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Hammock plaintiff hangs tight

A woman who occasionally rented out her Blue Ridge Mountain cabin must defend a negligence suit filed by a guest who said he was injured when he fell through a rotted hammock on the rental property.

Although the cabin was the defendant Rebecca Ramos’ primary residence, she still qualified as an innkeeper who owed an elevated duty of care to her paying guest, Peter Jarmak. And she should have known to inspect the hammock offered to guests, according to the 4th U.S. Circuit Court of Appeals. It vacated summary judgment for the owner in an unpublished opinion on Nov. 16.

“It is common knowledge that rope deteriorates over time when exposed to nature,” wrote Judge Dennis W. Shedd, and the owner’s testimony that she typically tried to put the hammock in a shed during inclement weather demonstrated her awareness of this fact.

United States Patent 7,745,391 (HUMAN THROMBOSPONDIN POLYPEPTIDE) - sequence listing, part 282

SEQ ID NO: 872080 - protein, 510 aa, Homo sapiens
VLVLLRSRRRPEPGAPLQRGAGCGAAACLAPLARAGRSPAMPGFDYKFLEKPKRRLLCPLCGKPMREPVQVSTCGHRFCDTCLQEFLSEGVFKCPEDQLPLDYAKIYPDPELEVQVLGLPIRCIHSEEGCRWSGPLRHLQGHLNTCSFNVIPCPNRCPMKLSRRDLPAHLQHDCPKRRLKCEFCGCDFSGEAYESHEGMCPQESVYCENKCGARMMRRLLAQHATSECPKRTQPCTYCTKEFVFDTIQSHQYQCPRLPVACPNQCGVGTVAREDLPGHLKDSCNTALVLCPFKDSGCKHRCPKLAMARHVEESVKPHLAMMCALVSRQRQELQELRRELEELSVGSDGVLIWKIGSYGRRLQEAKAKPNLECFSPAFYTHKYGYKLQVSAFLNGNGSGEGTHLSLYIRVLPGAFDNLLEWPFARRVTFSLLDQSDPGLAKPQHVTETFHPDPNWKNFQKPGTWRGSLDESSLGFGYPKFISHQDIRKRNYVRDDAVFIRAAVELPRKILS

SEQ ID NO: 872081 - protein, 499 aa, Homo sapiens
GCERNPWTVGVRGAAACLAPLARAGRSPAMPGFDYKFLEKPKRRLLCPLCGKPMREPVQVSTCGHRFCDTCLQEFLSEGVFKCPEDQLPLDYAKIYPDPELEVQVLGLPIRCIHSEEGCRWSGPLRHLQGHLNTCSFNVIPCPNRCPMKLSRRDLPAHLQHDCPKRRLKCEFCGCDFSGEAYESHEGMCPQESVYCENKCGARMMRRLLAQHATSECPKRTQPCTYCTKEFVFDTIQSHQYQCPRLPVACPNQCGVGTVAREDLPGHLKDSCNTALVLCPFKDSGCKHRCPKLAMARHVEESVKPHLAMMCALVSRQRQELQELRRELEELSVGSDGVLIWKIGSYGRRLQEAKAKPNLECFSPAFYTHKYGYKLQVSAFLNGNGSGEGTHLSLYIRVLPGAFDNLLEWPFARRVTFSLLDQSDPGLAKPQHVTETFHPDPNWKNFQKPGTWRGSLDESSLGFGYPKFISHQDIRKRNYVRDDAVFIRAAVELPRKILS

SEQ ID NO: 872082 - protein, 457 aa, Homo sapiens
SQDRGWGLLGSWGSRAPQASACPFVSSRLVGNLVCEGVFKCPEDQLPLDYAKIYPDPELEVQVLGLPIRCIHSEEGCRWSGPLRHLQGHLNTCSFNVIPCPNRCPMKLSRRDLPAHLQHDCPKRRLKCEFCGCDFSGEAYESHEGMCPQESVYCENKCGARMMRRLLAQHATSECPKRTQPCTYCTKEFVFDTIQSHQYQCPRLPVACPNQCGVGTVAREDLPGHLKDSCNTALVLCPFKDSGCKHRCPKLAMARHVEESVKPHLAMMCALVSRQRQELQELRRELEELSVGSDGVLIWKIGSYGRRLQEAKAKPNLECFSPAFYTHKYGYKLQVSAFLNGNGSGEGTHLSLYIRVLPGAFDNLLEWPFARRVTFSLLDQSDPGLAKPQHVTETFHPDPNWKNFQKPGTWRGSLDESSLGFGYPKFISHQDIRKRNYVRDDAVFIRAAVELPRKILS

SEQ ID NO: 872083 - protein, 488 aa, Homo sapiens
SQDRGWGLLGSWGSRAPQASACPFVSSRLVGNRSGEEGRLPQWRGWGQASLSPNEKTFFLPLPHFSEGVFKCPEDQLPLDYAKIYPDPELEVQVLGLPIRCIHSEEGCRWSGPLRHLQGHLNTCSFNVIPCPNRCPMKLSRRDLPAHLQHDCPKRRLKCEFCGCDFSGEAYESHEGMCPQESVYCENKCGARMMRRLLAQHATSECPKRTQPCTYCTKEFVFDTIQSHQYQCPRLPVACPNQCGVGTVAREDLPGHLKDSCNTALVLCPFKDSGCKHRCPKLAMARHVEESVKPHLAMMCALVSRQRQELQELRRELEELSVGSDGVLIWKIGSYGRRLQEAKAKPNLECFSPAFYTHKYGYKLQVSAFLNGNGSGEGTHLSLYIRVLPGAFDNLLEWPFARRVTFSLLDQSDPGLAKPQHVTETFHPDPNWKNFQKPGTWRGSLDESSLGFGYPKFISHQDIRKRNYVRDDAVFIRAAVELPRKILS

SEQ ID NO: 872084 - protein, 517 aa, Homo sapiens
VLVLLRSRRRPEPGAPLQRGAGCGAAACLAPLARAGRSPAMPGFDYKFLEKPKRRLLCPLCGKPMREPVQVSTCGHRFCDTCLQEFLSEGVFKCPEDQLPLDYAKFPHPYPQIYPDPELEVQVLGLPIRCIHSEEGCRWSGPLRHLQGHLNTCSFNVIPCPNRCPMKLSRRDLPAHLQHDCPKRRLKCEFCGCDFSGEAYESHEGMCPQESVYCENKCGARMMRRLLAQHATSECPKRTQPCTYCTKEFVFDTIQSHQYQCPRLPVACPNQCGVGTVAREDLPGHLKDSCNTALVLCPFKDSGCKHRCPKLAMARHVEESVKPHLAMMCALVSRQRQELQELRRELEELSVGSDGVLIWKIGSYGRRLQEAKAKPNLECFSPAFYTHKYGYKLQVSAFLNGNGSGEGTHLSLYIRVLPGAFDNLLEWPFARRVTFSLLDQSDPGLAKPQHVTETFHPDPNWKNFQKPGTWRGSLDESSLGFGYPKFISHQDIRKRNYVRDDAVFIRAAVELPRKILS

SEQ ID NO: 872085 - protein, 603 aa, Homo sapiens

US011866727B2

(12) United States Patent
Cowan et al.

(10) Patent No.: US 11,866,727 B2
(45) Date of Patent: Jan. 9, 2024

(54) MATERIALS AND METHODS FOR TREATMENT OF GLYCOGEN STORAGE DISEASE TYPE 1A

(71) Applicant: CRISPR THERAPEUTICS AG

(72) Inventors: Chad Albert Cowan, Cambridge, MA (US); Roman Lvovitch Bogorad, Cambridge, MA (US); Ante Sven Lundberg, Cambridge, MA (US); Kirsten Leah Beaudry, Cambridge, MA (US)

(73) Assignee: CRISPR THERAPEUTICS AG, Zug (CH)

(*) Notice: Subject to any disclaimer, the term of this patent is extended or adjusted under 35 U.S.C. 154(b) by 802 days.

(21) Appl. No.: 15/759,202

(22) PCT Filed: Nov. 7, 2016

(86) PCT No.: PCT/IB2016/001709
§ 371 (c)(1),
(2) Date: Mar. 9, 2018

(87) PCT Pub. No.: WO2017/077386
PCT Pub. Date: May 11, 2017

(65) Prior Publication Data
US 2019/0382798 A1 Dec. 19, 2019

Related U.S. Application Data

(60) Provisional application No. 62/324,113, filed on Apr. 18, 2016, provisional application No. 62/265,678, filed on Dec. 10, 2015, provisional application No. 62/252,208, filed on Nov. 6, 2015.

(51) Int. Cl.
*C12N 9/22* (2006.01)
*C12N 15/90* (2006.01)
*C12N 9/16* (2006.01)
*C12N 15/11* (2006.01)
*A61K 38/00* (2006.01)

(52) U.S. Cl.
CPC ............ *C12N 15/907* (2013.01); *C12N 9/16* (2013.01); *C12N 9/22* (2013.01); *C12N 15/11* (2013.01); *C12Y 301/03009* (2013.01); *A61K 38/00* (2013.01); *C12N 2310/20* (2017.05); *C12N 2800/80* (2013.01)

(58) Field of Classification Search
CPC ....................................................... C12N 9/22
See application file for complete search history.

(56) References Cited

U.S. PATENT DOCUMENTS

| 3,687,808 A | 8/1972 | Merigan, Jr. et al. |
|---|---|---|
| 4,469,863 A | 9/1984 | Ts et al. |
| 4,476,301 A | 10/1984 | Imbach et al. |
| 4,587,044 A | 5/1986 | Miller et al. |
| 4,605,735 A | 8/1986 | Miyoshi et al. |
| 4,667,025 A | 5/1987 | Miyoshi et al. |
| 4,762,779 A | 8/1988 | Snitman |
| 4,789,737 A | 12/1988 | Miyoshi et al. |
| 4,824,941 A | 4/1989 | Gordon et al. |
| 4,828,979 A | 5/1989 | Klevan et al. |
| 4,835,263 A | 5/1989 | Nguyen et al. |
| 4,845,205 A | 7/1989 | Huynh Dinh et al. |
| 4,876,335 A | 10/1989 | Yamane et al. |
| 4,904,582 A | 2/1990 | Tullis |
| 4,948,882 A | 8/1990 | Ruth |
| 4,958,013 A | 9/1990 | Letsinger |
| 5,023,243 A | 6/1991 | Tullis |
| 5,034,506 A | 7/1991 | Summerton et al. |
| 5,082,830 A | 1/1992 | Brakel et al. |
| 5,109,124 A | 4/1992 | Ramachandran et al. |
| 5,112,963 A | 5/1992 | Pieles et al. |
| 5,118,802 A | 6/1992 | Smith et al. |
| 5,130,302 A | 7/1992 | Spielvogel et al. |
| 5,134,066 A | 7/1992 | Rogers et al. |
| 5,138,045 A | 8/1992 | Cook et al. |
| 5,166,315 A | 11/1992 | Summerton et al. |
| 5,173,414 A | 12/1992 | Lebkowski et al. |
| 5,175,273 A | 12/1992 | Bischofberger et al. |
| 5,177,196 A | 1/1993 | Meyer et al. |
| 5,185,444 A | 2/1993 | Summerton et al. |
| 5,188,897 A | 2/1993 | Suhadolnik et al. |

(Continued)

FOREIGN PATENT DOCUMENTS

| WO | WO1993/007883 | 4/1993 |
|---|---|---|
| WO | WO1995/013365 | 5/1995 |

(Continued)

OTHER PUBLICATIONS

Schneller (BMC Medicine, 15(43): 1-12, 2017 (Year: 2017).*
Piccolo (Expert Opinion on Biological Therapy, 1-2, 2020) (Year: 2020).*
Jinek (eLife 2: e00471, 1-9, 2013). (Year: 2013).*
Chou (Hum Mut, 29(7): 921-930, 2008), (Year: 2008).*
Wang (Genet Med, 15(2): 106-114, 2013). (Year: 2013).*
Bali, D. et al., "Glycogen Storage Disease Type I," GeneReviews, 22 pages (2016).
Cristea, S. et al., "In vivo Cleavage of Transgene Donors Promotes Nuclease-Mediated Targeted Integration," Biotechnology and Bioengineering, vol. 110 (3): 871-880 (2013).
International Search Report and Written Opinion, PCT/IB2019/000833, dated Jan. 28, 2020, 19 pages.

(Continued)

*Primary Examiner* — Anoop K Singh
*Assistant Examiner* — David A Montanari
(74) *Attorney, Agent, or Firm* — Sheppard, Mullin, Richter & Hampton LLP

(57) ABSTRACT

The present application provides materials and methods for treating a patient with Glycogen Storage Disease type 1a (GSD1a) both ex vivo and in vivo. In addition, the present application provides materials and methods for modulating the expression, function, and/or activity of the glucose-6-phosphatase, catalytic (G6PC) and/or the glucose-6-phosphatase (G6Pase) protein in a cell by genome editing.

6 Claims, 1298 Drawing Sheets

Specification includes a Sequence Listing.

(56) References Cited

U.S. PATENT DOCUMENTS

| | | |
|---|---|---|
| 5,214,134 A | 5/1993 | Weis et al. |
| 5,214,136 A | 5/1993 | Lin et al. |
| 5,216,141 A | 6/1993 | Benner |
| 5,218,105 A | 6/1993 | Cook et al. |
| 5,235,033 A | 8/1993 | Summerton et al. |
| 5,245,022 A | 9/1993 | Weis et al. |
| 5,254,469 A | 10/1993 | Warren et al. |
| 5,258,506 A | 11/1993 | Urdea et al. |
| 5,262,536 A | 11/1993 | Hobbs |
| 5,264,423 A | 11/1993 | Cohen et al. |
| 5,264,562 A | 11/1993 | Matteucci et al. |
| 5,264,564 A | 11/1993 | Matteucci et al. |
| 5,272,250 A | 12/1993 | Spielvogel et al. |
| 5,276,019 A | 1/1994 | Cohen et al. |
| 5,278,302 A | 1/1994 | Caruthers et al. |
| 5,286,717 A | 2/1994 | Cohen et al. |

Ramos could not specify when she last sat in the hammock before her guest fell, and a jury reasonably could conclude the owner’s “casual observation and occasional use of the hammock did not fulfill her innkeeper’s duty to perform an adequate inspection of her premises,” Shedd wrote.

A “mere visual examination or casual use” of the hammock did not discharge her duty to inspect, the panel majority said.

Judge Andre Davis dissented. He said the real issue was whether a reasonable jury could rationally find by a preponderance of the evidence that inspection of the hammock would have disclosed that the ropes were so weak they would not likely support a person such as Jarmak, who weighed more than 230 pounds.

Unlike the hammock, the evidence was in equipoise, and any jury verdict for the plaintiff would “amount to little more than a flip of a coin” for the lucky man, according to Davis.
–Deborah Elkins

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